The indoor air quality in nursing homes has a serious effect on the lung health of elderly residents, according to the findings of a new study.
The study, which is published online today (12 March 2015) in the European Respiratory Journal, is the first to detail the negative effects of poor air quality in nursing homes across several countries.
Researchers from the EU-funded GERIE research project collected data on five indoor air pollutants: PM10, PM0.1, formaldehyde, NO2 and O3. These pollutants come from a range of sources including heaters, building materials, furniture, cleaning products, disinfectants and cooling systems. They objectively assessed levels of the pollutants in 50 different nursing homes in seven countries (Belgium, Denmark, France, Greece, Italy, Poland and Sweden).
A total of 600 residents aged over 65 years (82 years in mean) were used in the study. Each participant underwent a number of clinical tests including lung function testing and a health questionnaire.
The results showed that exposure to high levels of PM10 and NO2 was significantly associated with breathlessness and cough. High levels of PM0.1 were associated with wheeze during the last year and high concentrations of formaldehyde were linked with chronic obstructive pulmonary disease (COPD). The associations were even seen with moderate concentrations of indoor air pollutants that did not exceed the existing international guidelines. The findings were also enhanced in homes with poor ventilation and in residents over the age of 80.
With life expectancy increasing, more people are living in nursing homes. As a person ages their body becomes more susceptible to the risks of air pollution and they are also exposed to higher levels of indoor air pollution due to their reduced activity.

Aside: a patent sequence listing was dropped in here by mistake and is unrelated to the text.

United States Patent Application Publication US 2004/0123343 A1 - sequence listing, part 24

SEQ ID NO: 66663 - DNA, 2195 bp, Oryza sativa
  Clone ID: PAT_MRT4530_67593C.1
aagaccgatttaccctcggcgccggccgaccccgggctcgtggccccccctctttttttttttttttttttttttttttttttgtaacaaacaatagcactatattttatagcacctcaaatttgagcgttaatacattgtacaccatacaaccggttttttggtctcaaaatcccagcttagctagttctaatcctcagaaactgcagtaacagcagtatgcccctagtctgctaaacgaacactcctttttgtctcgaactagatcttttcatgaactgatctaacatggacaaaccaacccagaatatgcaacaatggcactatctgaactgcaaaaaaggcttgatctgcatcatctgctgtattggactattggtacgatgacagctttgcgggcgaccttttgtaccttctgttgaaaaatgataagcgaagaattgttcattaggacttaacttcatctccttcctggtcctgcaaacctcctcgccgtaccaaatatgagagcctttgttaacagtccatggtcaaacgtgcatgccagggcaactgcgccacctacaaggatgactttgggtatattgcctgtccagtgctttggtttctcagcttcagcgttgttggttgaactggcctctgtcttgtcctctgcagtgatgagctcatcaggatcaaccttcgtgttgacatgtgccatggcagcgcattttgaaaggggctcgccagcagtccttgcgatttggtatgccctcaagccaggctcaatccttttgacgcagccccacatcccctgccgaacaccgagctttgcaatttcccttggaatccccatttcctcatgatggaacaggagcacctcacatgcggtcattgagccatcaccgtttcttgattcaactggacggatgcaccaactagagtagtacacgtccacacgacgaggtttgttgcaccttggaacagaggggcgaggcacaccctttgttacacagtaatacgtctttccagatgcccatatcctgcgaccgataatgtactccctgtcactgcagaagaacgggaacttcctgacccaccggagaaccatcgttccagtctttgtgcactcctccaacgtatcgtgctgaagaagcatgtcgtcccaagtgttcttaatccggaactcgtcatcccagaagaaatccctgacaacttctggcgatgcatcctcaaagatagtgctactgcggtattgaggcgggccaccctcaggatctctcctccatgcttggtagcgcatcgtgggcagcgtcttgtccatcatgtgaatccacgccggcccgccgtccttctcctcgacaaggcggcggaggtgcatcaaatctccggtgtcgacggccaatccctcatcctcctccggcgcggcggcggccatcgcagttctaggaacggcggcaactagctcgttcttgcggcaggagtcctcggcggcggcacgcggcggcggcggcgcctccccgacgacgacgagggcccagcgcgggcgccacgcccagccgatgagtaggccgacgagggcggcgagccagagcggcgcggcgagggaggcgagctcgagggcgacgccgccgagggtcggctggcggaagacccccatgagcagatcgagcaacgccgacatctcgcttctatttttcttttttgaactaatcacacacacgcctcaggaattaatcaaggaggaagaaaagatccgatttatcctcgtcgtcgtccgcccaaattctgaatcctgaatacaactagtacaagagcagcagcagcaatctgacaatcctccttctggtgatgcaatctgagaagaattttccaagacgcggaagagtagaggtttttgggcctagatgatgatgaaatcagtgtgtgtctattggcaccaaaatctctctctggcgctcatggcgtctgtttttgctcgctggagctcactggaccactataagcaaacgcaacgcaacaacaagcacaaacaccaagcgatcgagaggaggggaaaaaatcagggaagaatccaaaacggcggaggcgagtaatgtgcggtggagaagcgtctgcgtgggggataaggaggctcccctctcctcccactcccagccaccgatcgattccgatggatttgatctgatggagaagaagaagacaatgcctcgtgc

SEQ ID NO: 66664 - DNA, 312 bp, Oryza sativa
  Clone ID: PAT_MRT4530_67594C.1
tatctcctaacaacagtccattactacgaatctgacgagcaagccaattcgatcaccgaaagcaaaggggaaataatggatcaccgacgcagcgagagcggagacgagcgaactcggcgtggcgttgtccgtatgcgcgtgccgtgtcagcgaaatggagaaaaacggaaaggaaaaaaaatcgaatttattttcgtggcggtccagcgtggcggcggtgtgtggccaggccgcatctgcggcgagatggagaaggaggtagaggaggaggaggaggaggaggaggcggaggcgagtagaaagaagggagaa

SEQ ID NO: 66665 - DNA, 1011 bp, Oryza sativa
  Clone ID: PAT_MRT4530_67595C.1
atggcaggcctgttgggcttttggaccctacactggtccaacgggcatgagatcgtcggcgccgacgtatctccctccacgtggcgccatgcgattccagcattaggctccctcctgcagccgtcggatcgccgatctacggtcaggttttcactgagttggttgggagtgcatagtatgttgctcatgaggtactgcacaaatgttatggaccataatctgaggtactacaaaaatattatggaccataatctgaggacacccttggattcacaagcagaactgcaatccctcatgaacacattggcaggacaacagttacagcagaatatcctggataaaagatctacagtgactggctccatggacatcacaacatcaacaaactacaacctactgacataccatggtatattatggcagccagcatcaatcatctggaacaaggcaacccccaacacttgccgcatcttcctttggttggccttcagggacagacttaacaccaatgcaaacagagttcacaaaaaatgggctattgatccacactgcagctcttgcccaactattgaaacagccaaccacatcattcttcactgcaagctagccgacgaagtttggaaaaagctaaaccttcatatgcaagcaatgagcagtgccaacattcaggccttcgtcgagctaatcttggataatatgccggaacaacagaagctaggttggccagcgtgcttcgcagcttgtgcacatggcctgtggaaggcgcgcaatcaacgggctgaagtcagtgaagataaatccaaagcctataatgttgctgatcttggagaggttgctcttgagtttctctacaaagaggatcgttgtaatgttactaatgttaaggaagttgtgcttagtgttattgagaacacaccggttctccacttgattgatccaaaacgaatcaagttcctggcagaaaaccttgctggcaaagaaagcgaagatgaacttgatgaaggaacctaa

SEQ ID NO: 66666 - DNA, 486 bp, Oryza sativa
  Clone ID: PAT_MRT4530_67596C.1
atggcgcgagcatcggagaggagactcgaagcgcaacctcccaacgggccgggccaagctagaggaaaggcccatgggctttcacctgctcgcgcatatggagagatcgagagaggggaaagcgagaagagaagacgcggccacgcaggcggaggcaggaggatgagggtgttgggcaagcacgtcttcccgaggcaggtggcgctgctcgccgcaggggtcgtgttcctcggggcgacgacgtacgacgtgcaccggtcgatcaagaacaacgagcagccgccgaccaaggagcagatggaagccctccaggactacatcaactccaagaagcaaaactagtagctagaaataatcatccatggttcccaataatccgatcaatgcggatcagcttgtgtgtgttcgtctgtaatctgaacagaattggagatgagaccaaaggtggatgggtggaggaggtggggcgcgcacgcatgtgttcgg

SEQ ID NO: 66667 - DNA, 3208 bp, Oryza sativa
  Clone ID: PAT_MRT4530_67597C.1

Dr Isabella Annesi-Maesano, lead author of the study, commented: "Our findings have shown an independent effect of several indoor air pollutants on the lung health of the elderly living in nursing homes. This is a worrying problem since the body's ability to cope with harmful air pollutants decreases as we age. Nursing homes should do more to prevent indoor air pollution by limiting its sources and by improving ventilation in their buildings. The respiratory health of residents should also be checked on a regular basis."
Dan Smyth, Chair of the European Lung Foundation, said: "The majority of lung diseases are preventable therefore we must focus on strategies that target the risk factors linked to these diseases. These findings add to a body of evidence confirming that indoor air pollution is one of these risk factors. We must raise awareness of this, through campaigns such as Healthy Lungs for Life, to ensure that the public, patients, healthcare professionals and policymakers understand the importance of breathing clean air to help prevent disease."
The authors believe that further investigations are now needed to assess more nursing homes in different countries and to conduct intervention studies to assess which prevention methods are most successful.